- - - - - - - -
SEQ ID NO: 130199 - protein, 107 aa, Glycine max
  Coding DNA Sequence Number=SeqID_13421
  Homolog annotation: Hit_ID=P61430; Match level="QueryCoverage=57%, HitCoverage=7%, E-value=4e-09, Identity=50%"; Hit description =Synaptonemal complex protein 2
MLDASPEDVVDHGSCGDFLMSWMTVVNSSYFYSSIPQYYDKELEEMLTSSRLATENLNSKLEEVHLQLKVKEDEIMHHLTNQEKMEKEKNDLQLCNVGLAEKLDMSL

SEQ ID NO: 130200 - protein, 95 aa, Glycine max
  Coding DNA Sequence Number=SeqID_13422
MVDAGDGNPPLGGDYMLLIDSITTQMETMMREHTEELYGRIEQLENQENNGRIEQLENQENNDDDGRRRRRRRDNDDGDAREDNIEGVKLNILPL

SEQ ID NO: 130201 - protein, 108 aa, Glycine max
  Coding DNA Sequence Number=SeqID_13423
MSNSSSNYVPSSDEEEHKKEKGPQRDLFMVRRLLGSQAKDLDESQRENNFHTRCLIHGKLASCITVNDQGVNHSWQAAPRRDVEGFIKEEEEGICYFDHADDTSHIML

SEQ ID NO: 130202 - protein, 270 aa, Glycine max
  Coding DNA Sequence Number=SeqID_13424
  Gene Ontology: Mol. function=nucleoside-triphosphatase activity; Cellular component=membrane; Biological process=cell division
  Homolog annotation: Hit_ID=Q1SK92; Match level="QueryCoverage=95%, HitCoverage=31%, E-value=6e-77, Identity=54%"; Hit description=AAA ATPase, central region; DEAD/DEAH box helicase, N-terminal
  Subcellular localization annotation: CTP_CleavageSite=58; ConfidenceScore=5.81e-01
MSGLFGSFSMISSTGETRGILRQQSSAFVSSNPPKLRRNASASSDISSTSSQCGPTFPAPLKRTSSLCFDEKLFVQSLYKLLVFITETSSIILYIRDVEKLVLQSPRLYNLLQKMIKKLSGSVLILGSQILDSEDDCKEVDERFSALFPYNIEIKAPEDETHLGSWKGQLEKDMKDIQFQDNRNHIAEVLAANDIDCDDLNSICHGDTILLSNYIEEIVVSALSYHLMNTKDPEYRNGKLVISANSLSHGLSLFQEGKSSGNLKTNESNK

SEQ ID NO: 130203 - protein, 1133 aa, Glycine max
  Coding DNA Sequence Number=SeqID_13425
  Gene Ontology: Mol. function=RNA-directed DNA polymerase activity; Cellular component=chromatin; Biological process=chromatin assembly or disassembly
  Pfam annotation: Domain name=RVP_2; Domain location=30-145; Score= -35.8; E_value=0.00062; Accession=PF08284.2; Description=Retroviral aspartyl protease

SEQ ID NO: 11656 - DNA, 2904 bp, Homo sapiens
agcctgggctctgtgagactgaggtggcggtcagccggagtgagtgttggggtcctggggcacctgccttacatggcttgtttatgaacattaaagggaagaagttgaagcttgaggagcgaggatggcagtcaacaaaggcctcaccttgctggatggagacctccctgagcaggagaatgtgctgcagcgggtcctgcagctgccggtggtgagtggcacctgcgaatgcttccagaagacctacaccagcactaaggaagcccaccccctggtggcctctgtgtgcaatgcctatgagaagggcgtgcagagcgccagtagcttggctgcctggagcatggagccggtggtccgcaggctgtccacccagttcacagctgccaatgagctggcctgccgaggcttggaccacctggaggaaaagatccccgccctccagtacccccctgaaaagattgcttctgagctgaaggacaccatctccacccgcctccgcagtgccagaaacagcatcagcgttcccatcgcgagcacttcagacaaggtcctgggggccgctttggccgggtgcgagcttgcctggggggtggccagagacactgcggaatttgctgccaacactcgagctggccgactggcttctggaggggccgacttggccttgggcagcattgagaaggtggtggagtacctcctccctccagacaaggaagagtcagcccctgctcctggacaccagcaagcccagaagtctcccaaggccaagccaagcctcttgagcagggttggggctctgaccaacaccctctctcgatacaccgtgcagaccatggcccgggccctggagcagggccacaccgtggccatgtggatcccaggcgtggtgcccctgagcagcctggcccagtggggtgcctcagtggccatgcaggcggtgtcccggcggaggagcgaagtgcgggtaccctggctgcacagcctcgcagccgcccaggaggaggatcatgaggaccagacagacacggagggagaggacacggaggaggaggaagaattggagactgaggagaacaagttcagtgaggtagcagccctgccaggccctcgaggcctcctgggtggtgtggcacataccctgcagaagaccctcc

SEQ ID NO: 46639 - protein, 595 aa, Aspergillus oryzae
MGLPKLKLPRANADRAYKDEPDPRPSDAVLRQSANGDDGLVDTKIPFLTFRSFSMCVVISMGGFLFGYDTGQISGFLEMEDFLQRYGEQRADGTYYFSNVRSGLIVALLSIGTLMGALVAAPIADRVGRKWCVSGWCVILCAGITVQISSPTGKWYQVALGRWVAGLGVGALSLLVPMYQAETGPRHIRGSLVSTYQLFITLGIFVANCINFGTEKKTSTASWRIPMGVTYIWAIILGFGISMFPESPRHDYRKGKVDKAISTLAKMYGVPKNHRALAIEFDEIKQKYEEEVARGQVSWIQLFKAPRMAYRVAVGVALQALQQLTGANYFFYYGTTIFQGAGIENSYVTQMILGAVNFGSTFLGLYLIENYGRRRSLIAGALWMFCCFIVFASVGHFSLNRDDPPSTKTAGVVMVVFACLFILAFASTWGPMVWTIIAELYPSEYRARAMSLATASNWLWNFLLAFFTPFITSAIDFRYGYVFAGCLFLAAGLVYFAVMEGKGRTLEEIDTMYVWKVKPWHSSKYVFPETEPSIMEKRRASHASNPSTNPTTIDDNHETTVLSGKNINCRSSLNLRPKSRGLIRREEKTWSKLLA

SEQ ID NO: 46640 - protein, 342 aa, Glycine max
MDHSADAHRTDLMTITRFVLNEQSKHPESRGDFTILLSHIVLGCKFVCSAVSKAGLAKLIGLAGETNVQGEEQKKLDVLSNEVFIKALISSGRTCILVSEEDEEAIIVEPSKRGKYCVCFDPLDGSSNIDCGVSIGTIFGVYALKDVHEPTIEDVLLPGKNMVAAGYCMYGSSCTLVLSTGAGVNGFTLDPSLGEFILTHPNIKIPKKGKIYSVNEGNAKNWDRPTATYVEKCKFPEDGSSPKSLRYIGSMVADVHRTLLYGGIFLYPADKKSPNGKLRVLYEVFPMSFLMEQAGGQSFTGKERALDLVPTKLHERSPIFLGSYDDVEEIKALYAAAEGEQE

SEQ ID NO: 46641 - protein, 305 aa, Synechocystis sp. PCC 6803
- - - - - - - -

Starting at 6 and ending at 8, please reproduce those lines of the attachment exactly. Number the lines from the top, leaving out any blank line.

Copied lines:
  Coding DNA Sequence Number=SeqID_13422
MVDAGDGNPPLGGDYMLLIDSITTQMETMMREHTEELYGRIEQLENQENNGRIEQLENQENNDDDGRRRRRRRDNDDGDAREDNIEGVKLNILPL

SEQ ID NO: 130201 - protein, 108 aa, Glycine max